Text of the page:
Friday, 23 December 2016

Is outsmarting syndrome killing your progress?


Ever met someone articulating goals passionately, yet not moving forward over time, changing goals often, shooting down possibilities, or quite adroitly presenting themselves as victims of circumstances? Very likely that one is dealing with someone with outsmarting syndrome.

All of us have some goals or a purpose, though some are aware and others are not. How we make progress towards them depends on how well we self-articulate them, and take consonant and consistent action. More often than not, non-awareness is relatively a better state to be in, rather than high awareness unsupported by action and even worse is stronger counter-thinking to destroy action. With quite a few that I coach, I find this quite rampant.

The genesis of destructive emotion of regret lies right here in our justifications with our own selves for either counter arguing with our inner beliefs to suppress them, or justifying inaction. These may be asymptomatic for long, or, may show up through irregularity, denial, procrastination, ridicule, defensive attitude, stubbornness or overconfidence.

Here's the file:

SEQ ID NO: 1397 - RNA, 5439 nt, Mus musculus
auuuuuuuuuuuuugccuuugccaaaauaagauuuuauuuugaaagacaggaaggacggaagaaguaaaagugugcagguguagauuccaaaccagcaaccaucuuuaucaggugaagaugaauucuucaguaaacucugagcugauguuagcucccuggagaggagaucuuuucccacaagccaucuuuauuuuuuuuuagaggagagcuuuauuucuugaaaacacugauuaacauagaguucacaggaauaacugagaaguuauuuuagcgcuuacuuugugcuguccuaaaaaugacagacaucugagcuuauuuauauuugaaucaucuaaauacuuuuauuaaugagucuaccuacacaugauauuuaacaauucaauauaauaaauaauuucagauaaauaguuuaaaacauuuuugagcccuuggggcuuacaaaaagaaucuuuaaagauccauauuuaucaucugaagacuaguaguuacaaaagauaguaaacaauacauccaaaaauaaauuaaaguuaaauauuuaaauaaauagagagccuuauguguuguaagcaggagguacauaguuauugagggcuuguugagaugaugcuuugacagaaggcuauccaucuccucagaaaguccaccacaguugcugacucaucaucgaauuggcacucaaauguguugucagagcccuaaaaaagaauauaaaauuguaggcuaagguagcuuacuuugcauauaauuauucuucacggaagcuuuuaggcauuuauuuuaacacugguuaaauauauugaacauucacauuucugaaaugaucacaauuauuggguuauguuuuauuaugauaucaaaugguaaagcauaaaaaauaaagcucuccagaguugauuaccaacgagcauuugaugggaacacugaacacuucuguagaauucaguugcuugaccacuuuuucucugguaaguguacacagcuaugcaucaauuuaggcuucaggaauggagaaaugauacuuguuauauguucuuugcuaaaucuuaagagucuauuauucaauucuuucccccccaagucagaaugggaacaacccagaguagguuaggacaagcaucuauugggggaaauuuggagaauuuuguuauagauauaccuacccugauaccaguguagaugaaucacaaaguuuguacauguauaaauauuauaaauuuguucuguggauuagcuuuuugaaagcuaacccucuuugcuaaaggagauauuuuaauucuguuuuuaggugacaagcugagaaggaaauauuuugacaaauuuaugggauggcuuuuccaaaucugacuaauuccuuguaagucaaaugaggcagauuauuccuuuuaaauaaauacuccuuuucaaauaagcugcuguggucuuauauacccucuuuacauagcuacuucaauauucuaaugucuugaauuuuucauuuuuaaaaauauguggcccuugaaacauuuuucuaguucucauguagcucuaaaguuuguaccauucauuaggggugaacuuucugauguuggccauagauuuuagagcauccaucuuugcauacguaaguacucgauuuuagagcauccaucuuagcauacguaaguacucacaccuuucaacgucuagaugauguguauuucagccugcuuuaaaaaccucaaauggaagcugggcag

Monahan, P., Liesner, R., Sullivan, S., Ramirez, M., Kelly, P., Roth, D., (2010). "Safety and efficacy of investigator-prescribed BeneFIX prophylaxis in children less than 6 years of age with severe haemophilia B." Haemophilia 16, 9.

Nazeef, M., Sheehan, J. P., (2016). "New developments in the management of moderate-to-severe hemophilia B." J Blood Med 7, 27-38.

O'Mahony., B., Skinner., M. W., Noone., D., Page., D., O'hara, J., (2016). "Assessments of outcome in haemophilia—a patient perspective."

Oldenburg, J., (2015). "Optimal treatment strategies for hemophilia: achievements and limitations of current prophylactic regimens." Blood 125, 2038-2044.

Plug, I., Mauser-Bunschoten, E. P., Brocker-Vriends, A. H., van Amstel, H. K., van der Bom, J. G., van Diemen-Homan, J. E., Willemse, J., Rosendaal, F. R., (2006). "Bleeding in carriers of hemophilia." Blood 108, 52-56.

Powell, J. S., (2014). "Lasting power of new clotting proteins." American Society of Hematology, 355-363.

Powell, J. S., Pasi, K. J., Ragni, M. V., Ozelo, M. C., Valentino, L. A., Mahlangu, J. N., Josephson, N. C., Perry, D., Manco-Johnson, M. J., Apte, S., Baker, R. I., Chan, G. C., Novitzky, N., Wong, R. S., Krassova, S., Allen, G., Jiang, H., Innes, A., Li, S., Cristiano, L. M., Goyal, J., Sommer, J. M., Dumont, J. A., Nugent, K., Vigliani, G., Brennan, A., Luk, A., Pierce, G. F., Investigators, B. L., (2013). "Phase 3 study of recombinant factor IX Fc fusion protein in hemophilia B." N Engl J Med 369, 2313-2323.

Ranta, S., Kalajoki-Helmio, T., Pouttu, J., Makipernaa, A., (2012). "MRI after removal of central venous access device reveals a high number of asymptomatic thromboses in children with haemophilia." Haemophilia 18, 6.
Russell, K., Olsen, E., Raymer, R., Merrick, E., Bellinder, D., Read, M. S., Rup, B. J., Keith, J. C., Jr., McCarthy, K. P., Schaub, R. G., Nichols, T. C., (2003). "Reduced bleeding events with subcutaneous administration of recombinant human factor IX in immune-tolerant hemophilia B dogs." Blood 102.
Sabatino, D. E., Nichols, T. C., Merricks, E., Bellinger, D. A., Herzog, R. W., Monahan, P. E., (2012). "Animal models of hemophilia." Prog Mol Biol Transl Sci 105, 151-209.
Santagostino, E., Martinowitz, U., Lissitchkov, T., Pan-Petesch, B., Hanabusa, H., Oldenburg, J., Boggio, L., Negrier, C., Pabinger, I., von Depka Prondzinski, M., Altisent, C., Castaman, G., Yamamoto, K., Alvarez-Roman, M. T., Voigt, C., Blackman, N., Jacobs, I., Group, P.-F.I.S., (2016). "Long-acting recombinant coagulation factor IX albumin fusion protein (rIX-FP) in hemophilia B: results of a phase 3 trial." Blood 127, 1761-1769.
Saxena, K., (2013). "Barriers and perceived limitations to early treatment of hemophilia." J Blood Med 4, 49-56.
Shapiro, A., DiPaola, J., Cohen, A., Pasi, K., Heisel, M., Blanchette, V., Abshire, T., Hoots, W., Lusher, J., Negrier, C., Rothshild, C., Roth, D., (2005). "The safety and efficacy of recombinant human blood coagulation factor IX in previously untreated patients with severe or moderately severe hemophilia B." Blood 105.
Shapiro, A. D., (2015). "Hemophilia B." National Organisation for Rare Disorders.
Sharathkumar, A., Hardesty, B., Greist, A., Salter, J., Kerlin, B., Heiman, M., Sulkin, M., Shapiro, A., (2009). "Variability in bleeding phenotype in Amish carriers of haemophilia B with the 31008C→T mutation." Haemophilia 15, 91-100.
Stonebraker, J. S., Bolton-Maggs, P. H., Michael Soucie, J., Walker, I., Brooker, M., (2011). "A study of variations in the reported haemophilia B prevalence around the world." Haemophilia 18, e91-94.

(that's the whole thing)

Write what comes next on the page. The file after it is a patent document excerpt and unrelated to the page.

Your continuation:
Outsmarting is a limiting behaviour and keeps one from moving forward. It nearly acts like antibodies that begin killing productive cells by suppression, dominance or infecting them. We generate, and nourish such way of thinking that defeats every productive thought with a view to win over an argument or positive idea and feel victorious. The cacophony created by the distortions gains damaging proportions and quite certainly leads to repentance or regret later when one finds himself quite far from his desired goals. Change does cause discomfort, and most with this syndrome derail faster than others, and slip back to comfort zones.

It is therefore, a good idea to seek help, self- explore blind spots and take massive action to overpower barriers. Being aware that outsmarting only hurts back while we enjoy this self- destructive victory, is a good point to begin the process of change. This new-year vacation is a good time to sit back and mull over your thoughts and actions against your goals and conclude decisively on future course. A well thought out plan could well shape up much more productive resolution for the new-year. Getting a coach to help could be one strong building block in the direction. To know how coachable you are, do visit www.thegrowthevangelist.com and write back to Dr. Alok Purohit. Wish you a very happy and exciting new year.